TORONTO - Canada's main stock index suffered its worst performance of the year Friday as investors were spooked by a potential corporate earnings hit from the coronavirus.

The S&P/TSX composite index closed down 56.44 points or 0.32 per cent at 17,565.34, the largest daily decrease since late December.

U.S. markets fared even worse, marking the worst single day drop in months as a second case of the virus that originated in China was reported in Chicago as the number of confirmed cases around the world climbed sharply to more than 850, with at least 26 deaths, all of them in China.

In New York, the Dow Jones industrial average was down 170.36 points or 0.9 per cent at 28,989.73. The S&P 500 index was down 30.07 points at 3,295.47, while the Nasdaq composite was down 87.57 points at 9,314.91.

Beyond causing general uncertainty, the virus is starting to affect companies. Disney has temporarily closed its theme park in Shanghai while Wynn Resorts and Las Vegas Sands cancelled Chinese new year's festivities in Macao.

“These types of things are not only a risk-off mentality but actually could affect corporate earnings, it could affect global economic growth,” said Kevin Headland, senior investment Strategist at Manulife Investment Management.

Markets bounced backed Thursday from morning losses after the World Health Organization decided against declaring the outbreak a global emergency for now.

However, fears heightened on Friday that the virus would hurt Chinese economic growth if manufacturing slows as people are quarantined in their homes or cities.

Shares of airlines and companies connected with the Asian market were again hit hard. Air Canada's shares dropped 2.6 per cent.

Headland said there's some selling pressure as investors attempt to get ahead of potential negative weekend news.

“Some people perhaps don't want to wait to Monday to see where the markets open if there perhaps is a spike of confirmed cases over the weekend,” he said in an interview.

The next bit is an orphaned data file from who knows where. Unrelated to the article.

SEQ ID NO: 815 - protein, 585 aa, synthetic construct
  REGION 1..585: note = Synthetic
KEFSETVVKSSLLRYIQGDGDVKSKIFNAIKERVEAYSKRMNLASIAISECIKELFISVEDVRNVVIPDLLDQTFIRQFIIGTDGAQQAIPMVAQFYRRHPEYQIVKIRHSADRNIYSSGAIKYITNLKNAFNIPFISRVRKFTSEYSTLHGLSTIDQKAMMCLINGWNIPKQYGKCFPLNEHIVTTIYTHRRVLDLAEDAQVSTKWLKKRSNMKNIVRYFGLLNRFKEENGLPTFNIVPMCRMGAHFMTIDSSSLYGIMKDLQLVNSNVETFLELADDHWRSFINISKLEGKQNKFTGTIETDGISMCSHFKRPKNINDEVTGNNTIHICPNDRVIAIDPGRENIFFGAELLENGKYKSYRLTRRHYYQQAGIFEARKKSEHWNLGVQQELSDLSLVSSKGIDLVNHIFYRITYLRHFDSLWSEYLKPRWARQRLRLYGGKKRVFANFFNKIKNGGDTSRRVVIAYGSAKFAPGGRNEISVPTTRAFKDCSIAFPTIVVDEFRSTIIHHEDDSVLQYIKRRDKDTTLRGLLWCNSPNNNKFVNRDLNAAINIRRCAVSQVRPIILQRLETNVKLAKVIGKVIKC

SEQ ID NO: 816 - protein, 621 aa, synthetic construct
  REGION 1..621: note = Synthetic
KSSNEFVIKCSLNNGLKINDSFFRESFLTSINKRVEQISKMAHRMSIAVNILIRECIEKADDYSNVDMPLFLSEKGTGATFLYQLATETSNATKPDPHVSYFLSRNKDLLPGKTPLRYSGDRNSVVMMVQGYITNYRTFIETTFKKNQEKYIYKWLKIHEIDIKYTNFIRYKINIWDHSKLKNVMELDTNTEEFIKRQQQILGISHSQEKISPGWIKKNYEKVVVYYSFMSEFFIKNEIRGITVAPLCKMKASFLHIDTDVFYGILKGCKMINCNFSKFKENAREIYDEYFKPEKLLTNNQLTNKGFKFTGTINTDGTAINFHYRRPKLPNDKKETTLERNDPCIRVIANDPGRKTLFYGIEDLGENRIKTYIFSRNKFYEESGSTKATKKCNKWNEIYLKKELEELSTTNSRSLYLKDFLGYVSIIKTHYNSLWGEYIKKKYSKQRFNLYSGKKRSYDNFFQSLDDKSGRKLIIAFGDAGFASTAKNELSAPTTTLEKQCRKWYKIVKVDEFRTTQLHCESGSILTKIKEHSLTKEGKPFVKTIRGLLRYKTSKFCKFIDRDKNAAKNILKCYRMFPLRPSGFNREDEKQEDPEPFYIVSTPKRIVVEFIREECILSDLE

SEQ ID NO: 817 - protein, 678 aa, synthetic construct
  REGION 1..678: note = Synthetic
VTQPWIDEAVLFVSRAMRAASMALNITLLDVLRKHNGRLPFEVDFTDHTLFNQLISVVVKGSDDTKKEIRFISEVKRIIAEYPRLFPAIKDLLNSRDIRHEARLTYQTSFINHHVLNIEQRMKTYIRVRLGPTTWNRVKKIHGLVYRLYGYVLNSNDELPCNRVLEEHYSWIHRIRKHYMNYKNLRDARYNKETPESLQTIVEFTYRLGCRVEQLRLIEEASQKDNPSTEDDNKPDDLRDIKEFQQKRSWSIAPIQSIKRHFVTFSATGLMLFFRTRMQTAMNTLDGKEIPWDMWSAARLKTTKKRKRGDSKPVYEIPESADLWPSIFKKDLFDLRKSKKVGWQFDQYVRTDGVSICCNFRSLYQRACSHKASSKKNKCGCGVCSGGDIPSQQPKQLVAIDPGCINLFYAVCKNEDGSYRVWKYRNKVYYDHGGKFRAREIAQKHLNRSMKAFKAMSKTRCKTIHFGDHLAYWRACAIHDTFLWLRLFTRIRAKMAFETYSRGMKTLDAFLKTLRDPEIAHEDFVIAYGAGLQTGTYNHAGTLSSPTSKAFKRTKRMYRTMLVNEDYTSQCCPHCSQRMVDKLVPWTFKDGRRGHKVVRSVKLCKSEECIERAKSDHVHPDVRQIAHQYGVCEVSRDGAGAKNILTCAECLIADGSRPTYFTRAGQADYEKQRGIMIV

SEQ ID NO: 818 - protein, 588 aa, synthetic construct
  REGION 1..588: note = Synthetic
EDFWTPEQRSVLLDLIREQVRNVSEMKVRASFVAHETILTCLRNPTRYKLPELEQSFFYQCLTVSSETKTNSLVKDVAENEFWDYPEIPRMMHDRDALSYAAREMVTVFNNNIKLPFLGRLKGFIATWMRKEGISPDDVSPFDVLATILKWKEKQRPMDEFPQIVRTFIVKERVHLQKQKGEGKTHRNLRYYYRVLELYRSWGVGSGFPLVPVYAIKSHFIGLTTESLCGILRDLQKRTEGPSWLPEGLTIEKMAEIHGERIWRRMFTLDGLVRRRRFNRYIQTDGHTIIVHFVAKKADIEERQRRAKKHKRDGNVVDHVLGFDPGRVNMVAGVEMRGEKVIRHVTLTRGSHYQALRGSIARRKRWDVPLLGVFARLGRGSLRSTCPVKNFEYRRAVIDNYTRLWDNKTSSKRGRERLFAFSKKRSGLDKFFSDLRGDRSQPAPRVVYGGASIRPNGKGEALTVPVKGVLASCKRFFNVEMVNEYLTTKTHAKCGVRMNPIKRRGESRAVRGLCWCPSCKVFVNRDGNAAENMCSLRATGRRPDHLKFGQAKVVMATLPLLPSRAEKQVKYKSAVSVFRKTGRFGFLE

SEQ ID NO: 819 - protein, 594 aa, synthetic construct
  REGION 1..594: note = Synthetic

The Canadian dollar traded for 76.10 cents US compared with an average of 76.09 cents US on Thursday.

A flight to the safety of gold increased prices and helped the TSX to fare better than U.S. markets.

The February gold contract was up US$6.50 at US$1,571.90 an ounce and the March copper contract was down 4.2 cents at US$2.68 a pound.

Materials was among three of the 11 major sectors on the TSX to climb, helped by a 5.2 per cent increase by Endeavour Mining Corp.

Health care was down the most on the day, followed by energy, with crude oil prices for the week falling the most in three months.

The March crude contract was down US$1.40 at US$54.19 per barrel and the March natural gas contract was down 3.4 cents at US$1.87 per mmBTU.

Crude prices fell because of extra global supply and worries that the virus will curtail demand from China, the largest importer of foreign oil.

“Global economic growth remains fairly stagnant and therefore that's a pretty good proxy for the demand of oil. So if we have extra supply in the near-term, demand is not going to necessarily reduce that excess supply.”

Crescent Point Energy Corp. shares fell 5.5 per cent. Encana Corp. was down 4.4 per cent on heavy volumes as the Calgary-based company completed its corporate reorganization under the new name Ovintiv Inc. that will see its headquarters move to the U.S.

Markets should turn their focus next week to earnings results unless they are dragged down by more negative virus headlines, said Headland.

“As long as we have some negative news surrounding this virus the market's going to react with a risk-off mentality. Whether it is justified or not, that will be the short-term movement and the risk is to the downside.”